I know, far out and seemingly delusional, but nanotechnology exists and is far more sophisticated than we realize. Notice how people aren't speaking to each other any more the way they once did and how there is a general mind of separation pervading the populace. This is no accident. The infection is within.

Star jelly and blood rain do not come from deep space. That would be ridiculous. Anyway, I'm not a loon, these are just my thoughts on the subject.

By MoonFyre — On Jun 14, 2010

I attended a wedding on Mount Charleston above Las Vegas last weekend. Driving up the hill to Mount Charleston, we took photos of the most bizarre cloud formation I have ever seen. I am a lifelong skywatcher. The clouds were flat and looked like dishes that were stacked. These were visible from Interstate 15 around 1600 hours.

That night, there was severe weather with sustained winds of 45 mph with gusts of up to 69 mph. On the mountain it rained, sleeted, and snow fell, and there were massive rains for the night and most of the day of the 12th, until around 1500 hours. Walking out of the Mount Charleston Resort and Lodge as we walked the way to the deck for the ceremony (1530 hours), we took photos of a gelatinous mass, (star jelly) that was on the north side of the building.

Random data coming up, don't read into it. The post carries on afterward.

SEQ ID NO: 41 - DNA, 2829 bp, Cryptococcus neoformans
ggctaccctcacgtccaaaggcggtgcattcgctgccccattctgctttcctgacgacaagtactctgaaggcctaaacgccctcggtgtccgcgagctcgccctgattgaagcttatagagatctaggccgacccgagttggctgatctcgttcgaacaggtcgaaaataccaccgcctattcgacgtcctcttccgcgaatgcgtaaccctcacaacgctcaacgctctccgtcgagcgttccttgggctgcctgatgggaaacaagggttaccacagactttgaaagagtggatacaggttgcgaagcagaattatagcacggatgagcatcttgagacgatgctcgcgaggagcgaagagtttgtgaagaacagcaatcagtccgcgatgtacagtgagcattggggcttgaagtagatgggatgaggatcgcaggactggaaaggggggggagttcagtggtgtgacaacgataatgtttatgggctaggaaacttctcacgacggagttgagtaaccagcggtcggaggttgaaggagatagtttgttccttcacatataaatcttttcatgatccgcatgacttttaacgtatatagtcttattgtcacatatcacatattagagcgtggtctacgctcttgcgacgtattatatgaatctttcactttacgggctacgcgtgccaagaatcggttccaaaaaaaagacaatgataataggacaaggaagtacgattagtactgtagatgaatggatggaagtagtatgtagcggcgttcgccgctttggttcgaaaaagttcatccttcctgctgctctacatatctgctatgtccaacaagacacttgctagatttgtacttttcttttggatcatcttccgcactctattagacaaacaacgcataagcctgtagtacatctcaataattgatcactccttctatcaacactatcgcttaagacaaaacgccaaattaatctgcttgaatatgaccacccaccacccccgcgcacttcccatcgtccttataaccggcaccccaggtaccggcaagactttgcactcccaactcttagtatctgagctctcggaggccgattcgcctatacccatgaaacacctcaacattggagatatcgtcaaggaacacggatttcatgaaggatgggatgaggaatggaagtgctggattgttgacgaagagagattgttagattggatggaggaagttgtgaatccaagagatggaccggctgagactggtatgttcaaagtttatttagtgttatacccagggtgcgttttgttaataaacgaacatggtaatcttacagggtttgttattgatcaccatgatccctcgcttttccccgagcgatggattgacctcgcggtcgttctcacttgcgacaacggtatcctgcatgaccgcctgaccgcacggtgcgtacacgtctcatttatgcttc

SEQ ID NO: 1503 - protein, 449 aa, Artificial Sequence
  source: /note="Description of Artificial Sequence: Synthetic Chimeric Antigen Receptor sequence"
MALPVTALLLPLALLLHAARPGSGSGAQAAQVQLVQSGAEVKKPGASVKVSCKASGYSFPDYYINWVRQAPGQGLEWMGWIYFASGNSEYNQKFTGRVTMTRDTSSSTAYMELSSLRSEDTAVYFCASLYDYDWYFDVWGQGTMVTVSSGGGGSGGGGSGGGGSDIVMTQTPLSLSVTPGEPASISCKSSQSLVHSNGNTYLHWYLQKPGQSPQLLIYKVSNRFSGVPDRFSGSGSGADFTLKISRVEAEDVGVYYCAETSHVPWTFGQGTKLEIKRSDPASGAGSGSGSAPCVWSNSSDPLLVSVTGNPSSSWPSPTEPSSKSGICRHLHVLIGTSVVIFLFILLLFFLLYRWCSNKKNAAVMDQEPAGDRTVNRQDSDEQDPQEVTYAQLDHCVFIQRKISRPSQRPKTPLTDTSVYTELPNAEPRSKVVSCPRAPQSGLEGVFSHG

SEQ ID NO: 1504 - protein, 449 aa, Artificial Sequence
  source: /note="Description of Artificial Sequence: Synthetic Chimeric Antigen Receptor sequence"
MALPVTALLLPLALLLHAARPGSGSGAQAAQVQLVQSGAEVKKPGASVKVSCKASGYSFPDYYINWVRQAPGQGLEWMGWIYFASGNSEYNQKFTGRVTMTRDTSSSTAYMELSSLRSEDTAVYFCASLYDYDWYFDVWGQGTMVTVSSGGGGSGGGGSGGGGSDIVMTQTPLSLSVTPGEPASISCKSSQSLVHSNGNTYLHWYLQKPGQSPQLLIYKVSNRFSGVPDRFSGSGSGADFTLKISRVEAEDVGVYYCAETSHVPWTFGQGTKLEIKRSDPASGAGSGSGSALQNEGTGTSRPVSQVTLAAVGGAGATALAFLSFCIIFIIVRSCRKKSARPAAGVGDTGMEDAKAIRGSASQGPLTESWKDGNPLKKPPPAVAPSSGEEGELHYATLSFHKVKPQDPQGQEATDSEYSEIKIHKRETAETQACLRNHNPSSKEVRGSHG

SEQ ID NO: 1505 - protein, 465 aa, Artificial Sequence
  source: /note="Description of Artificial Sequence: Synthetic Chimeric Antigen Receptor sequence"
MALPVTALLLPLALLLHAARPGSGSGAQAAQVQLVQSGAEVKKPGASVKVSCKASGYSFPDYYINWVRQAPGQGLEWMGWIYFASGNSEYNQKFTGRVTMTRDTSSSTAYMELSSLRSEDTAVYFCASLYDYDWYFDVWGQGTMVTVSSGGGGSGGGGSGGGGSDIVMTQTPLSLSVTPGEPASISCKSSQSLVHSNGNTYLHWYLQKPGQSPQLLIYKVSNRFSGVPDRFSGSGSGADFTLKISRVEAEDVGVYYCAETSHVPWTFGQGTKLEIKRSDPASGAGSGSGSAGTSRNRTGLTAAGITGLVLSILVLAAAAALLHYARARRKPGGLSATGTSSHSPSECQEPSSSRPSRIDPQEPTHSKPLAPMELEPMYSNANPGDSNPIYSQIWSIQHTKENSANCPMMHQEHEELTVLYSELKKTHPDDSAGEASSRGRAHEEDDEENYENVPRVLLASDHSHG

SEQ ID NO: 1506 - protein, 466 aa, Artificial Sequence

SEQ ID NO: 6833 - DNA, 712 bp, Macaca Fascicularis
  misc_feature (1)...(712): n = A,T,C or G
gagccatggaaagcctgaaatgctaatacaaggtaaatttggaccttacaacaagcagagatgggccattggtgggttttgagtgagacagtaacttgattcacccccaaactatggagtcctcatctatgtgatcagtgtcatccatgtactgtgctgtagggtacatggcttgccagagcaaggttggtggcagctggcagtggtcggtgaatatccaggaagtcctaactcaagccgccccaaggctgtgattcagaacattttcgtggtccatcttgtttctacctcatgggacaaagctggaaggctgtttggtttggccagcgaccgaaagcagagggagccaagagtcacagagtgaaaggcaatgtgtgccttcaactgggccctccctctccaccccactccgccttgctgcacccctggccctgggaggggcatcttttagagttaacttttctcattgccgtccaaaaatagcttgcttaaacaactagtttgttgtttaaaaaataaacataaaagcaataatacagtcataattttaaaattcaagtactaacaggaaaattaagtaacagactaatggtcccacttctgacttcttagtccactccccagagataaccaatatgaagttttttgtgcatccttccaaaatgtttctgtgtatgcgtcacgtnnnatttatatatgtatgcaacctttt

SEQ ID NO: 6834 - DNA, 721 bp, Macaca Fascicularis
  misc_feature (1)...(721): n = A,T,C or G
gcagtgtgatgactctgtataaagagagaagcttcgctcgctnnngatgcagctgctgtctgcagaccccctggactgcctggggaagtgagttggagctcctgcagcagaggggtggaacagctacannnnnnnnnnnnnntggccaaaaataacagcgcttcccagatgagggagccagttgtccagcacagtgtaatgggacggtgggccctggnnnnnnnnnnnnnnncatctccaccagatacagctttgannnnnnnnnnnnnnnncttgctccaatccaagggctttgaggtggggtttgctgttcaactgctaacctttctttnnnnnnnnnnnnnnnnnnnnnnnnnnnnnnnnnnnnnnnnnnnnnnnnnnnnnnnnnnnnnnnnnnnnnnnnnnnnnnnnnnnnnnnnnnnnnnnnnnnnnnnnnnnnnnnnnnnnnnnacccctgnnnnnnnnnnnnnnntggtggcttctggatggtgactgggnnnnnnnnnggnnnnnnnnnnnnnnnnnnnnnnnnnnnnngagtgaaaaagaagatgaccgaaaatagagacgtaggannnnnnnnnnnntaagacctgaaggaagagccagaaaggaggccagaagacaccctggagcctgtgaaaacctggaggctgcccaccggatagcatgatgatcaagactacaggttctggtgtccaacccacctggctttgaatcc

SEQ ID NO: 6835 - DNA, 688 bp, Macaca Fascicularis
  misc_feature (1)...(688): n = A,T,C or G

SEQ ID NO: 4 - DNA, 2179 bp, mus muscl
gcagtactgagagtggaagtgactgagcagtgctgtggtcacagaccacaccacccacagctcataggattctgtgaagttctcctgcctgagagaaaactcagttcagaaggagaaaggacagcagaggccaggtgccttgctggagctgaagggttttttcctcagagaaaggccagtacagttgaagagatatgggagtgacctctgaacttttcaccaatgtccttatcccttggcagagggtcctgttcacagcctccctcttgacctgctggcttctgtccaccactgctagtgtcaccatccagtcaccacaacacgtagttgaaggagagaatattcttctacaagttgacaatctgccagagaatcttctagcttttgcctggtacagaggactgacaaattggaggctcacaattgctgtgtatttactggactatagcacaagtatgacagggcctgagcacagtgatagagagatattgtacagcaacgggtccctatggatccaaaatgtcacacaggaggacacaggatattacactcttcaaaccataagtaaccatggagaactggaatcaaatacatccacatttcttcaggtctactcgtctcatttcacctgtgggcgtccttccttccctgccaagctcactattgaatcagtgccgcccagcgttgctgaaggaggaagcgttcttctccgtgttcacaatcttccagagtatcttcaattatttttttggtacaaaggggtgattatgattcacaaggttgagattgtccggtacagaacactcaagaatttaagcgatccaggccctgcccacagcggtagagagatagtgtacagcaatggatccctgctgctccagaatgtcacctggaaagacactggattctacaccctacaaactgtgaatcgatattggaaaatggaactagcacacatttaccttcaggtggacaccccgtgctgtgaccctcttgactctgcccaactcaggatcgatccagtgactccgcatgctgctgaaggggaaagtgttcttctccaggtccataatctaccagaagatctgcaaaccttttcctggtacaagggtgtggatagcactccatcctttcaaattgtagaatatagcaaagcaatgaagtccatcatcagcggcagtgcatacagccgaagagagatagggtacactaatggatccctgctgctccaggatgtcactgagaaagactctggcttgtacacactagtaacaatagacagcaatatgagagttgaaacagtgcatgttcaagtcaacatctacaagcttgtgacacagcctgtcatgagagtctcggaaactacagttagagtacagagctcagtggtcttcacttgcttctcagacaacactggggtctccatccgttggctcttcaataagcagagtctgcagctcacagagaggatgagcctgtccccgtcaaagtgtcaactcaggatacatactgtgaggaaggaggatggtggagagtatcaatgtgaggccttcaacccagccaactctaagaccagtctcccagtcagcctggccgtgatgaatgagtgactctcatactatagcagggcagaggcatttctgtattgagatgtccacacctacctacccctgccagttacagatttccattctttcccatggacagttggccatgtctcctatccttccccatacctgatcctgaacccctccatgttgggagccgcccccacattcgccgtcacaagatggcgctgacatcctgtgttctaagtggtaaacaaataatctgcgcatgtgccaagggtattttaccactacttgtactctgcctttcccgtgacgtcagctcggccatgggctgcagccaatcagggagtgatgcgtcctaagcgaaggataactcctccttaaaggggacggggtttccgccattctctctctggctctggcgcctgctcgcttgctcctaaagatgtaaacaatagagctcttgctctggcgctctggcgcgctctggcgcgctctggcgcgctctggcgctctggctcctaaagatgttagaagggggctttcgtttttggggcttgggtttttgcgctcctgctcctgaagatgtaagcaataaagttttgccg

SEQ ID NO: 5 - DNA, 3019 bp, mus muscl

My grandson did not show them to anyone at the wedding, and did not show me the photos until after the ceremony. At that time he told me he had held his breath and did not touch it. I did not go back to witness this for myself. I observed it from a window in the dining room. I was mortified because of two different TV programs that aired the medical problems that warned the public of the medical problems (staphylococcus and strep) that come from being in the close proximity of this innocent looking gelatinous mass last week on the history channel and I believe National Geographic.

I am not sure what the channels were but will find out and send that with the photos. I need for this to be known and we will be checking and seeing if we develop the medical problems that were warned about last week.

We will send photos of the clouds and the mass tomorrow.

Thank you for reading what I write. --MoonFyre

Michael Anissimov
Michael Anissimov
Michael Anissimov is a dedicated All The Science contributor and brings his expertise in paleontology, physics, biology...